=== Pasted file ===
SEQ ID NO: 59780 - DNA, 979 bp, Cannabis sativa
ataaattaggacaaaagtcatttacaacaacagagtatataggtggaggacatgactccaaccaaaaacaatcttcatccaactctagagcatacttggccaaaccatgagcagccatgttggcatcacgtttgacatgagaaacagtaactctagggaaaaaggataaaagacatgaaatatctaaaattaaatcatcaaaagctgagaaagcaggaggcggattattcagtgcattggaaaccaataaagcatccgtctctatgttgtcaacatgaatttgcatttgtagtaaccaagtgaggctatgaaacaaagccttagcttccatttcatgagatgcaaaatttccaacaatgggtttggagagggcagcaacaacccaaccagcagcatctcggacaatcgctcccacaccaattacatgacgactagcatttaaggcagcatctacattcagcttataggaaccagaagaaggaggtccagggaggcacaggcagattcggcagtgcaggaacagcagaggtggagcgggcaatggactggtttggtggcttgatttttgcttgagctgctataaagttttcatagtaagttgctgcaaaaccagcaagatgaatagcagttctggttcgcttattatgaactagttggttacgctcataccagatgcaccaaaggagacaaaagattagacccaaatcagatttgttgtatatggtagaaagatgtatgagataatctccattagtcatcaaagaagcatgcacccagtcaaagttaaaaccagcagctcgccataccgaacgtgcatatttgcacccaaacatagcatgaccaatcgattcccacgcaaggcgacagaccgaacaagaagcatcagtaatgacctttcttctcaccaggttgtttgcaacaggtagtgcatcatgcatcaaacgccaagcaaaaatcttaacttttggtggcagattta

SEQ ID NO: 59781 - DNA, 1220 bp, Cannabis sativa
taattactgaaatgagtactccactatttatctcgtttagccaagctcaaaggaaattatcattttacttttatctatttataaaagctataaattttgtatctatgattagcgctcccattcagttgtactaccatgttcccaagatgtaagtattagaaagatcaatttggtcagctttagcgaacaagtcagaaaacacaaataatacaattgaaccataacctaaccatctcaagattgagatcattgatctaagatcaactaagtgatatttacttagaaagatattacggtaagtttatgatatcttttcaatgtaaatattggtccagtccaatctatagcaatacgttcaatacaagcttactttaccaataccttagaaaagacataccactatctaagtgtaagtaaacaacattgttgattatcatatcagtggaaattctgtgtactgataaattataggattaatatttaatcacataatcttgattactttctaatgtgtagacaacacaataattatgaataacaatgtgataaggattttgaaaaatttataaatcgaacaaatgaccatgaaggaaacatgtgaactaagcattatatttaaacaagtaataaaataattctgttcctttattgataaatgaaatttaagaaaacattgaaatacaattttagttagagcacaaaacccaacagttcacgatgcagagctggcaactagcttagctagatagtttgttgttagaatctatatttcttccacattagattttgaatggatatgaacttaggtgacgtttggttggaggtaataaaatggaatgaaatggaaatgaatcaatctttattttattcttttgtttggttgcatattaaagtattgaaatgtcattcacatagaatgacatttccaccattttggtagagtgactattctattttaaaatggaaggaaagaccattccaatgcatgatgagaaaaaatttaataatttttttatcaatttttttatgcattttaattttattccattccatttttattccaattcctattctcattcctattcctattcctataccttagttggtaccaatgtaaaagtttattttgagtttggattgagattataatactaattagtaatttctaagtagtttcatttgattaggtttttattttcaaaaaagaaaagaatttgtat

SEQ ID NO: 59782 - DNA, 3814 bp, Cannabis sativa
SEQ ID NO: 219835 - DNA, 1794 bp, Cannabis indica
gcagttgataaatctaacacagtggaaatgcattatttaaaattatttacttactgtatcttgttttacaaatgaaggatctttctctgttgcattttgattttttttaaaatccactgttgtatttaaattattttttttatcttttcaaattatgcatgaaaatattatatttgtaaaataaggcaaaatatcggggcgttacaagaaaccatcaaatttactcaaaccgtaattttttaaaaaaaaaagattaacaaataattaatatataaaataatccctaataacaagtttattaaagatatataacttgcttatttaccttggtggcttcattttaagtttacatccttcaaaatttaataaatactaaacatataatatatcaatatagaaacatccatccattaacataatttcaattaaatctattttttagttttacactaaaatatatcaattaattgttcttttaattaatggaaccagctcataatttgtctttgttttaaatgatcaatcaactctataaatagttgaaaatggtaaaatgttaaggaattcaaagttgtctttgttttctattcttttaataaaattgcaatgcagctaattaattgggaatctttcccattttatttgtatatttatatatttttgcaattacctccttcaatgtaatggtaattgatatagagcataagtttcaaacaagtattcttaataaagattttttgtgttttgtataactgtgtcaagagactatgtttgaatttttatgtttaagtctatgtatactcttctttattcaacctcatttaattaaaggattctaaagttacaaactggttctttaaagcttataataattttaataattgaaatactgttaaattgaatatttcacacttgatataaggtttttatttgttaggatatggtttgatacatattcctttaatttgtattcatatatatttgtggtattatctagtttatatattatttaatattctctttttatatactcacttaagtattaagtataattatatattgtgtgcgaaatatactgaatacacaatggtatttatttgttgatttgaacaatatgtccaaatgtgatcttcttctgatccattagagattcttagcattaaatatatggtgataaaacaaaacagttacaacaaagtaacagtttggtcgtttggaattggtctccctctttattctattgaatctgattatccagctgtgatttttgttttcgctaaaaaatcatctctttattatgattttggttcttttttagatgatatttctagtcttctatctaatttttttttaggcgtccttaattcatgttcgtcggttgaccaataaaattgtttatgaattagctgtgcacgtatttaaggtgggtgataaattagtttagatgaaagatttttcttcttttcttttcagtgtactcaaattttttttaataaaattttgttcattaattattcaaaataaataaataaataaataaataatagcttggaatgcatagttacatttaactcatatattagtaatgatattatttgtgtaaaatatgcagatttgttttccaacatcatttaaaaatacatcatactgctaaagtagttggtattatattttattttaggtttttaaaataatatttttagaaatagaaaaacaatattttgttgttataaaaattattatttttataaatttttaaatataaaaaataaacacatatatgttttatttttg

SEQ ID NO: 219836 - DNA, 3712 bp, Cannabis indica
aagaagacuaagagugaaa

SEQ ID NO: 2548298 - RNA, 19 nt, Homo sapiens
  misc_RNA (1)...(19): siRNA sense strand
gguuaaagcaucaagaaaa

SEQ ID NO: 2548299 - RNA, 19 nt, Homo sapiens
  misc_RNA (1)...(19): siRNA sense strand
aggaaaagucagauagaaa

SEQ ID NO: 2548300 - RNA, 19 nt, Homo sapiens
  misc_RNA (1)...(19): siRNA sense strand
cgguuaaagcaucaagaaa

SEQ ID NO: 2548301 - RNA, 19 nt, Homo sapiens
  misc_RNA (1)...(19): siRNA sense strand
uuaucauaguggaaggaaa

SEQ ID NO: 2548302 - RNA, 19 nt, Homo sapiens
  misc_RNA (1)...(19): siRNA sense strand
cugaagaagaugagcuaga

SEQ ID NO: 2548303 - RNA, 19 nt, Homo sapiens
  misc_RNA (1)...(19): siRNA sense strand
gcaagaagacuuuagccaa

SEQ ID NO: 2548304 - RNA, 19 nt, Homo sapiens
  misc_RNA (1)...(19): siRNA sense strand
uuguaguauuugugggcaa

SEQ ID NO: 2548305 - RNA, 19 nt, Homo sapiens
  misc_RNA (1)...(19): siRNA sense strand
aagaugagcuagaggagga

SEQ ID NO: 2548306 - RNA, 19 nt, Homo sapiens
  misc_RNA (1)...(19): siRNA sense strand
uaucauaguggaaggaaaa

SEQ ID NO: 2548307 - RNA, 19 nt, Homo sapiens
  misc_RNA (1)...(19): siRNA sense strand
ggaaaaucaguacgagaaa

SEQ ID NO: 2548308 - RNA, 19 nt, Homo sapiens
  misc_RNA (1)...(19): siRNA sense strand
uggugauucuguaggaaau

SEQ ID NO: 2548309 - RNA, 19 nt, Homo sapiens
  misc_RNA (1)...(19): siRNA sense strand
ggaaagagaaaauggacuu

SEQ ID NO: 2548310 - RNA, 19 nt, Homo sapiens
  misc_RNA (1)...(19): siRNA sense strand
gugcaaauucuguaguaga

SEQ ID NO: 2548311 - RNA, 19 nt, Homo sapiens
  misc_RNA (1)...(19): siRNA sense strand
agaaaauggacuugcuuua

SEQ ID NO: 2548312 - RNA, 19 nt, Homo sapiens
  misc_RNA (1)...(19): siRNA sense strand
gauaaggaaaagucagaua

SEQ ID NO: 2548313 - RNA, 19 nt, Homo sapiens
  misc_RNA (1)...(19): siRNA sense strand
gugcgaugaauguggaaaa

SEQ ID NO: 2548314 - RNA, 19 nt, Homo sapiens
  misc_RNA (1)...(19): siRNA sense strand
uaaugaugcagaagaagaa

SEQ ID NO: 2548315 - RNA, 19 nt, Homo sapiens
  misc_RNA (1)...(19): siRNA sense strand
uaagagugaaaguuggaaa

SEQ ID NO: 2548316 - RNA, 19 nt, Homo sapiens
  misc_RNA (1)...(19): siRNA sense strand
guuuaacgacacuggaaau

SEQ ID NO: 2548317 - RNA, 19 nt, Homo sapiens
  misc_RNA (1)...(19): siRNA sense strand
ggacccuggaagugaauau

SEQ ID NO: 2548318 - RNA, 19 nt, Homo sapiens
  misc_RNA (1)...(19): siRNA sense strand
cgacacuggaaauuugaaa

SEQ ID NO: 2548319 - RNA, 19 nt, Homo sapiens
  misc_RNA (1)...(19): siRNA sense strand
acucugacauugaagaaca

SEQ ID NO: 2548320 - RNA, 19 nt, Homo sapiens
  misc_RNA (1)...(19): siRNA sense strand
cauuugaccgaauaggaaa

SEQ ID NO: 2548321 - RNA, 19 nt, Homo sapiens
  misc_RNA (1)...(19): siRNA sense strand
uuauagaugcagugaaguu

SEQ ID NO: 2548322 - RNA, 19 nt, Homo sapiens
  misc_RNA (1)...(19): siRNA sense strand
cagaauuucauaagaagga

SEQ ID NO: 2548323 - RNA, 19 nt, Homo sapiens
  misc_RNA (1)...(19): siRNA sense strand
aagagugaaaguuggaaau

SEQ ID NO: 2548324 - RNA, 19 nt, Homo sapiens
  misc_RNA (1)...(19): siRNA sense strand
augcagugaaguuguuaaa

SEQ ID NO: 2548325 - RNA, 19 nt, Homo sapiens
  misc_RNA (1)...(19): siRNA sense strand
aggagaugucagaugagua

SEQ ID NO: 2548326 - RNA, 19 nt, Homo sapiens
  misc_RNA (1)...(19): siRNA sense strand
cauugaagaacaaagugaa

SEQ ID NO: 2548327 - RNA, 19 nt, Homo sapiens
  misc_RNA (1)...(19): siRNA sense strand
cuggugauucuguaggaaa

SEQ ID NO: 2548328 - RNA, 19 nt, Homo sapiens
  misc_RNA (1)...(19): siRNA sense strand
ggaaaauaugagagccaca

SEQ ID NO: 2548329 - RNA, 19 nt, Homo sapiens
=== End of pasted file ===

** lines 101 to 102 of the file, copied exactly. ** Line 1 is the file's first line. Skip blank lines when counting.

  misc_RNA (1)...(19): siRNA sense strand
ggaaaauaugagagccaca